If you’re using a timber frame, secure the grass to it with Pan Head screws every 150-200mm, or you can glue the grass to the horizontal concrete haunch of the edging block. If not, use a hammer to bash in the ground pins 20-30cm apart around the edges. Brush these edges to disguise the appearance of the pins in the ground.

  1. Sweeping success

Once the glue is dried, sweep off the surface with a broom to cast off loose blades of grass and dust or dirt. Infill the grass using silica sand and either a power or a stuff brush, ensuring your brushstrokes direct into the pile. Sand should be evenly distributed ensuing no excess appears on the surface of the turf. Don’t forget to leave it to settle and cure for 1-2 hours – more if it’s cold outside – before walking on it.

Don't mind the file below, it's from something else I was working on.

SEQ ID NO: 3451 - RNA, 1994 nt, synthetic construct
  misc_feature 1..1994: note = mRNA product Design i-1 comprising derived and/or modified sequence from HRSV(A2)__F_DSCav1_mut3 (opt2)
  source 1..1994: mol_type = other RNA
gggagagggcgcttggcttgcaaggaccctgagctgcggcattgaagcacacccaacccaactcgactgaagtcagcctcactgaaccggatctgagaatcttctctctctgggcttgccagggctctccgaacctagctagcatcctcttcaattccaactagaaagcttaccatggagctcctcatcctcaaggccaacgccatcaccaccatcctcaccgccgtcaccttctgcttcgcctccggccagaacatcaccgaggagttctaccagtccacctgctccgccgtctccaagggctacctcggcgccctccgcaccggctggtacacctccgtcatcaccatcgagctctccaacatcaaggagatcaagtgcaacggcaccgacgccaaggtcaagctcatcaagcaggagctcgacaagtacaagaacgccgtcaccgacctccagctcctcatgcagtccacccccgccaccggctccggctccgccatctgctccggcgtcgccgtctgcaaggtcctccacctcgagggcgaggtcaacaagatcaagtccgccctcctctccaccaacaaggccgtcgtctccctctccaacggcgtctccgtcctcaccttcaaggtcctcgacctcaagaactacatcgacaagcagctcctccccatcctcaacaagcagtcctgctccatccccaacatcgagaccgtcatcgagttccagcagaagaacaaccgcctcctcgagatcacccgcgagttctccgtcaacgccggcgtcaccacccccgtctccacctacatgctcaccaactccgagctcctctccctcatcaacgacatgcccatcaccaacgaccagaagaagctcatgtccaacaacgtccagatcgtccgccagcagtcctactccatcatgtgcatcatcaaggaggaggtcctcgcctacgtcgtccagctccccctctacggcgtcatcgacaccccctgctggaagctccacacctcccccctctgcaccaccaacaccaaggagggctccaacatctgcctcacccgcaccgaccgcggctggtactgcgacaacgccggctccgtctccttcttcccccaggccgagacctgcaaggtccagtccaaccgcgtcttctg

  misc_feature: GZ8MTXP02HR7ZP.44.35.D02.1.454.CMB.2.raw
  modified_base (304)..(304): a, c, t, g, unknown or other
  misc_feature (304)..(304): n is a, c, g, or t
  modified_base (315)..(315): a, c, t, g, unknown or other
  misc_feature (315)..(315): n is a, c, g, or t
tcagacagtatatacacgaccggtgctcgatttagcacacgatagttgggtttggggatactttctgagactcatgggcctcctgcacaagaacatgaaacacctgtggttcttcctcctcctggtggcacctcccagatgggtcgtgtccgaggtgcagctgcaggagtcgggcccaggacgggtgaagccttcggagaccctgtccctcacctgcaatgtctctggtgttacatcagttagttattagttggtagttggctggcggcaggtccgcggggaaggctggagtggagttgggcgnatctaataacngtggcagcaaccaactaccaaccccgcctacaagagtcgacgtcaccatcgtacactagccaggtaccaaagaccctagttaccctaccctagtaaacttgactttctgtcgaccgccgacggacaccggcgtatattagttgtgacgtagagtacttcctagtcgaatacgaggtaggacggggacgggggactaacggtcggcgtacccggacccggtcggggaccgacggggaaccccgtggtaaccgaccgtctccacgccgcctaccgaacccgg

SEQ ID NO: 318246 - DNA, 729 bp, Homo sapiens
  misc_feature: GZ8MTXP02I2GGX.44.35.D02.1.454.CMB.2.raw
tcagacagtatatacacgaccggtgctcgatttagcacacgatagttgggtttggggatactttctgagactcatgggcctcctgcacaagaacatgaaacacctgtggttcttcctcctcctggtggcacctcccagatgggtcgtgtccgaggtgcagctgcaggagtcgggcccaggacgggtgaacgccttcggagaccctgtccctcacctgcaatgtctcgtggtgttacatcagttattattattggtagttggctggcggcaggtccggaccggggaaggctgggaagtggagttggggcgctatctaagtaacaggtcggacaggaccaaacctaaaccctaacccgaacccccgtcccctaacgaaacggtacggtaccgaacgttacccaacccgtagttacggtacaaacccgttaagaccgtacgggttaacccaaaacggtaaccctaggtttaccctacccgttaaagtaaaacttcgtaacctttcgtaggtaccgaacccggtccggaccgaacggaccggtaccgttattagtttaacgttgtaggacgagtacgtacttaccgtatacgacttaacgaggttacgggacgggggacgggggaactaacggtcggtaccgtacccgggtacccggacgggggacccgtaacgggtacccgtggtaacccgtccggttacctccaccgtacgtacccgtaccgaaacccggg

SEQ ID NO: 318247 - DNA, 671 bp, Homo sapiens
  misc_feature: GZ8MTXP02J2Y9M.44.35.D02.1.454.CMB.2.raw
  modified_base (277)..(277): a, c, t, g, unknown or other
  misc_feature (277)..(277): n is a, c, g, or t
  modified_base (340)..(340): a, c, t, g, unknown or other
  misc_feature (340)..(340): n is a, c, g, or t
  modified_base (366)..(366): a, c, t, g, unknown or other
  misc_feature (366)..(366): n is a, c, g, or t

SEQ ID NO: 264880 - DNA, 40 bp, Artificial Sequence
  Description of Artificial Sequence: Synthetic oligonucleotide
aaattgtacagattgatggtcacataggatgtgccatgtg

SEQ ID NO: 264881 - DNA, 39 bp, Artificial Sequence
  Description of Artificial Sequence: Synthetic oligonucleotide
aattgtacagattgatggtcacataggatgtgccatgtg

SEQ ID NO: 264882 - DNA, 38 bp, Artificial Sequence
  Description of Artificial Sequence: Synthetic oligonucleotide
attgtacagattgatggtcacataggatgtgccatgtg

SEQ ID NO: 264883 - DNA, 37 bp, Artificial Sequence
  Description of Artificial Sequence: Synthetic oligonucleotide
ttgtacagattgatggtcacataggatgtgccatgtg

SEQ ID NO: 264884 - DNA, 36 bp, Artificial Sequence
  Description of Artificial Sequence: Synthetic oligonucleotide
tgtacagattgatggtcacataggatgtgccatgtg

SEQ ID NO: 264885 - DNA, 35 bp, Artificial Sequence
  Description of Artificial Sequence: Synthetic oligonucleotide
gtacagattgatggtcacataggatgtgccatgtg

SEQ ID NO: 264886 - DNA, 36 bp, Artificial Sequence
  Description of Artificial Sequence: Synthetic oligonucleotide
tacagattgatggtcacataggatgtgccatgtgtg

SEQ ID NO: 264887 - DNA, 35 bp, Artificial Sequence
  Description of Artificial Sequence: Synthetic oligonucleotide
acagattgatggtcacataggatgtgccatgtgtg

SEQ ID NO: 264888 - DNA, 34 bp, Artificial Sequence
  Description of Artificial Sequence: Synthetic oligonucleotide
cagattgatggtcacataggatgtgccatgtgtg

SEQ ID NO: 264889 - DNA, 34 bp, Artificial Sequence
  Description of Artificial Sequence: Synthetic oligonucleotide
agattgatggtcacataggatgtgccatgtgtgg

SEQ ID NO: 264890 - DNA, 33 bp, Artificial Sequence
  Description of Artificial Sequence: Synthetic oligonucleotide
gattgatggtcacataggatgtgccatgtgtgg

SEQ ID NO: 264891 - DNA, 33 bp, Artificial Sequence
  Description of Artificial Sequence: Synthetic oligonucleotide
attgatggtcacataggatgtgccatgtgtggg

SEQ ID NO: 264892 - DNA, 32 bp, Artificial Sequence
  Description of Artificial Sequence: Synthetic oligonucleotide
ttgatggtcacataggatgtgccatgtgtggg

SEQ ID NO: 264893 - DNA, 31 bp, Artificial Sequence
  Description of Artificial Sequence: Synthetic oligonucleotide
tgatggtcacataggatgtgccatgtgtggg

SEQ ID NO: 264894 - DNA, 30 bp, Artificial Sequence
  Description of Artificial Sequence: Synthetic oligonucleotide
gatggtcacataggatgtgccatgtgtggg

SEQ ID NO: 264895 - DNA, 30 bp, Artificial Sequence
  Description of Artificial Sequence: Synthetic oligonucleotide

When it comes to the order of layering, some installations are done with steps 3 and 4 reversed – the sand is laid on top of the weed membrane, rather than the other way around. Either way should provide the same results.



A trim here and there may be in order to adapt it to your desired length to begin with. Cut it with fabric scissors if possible – and avoid using big clippers or lawnmowers.



Good quality artificial grass should keep its green and luscious appearance for around 20-25 years, depending on how well you take care of it. Regular brushing of the surface will keep it looking glossy and healthy, while pets’ presents on the lawn should be hosed off to prevent bad smells and possible discolouration.

If you’re looking for further inspiration, why not check out our new artificial grass selection to find the products and tools that are right for you. If you’re in need of professional help for your next garden project, check out the UK database of Marshalls-approved garden and driveway installers.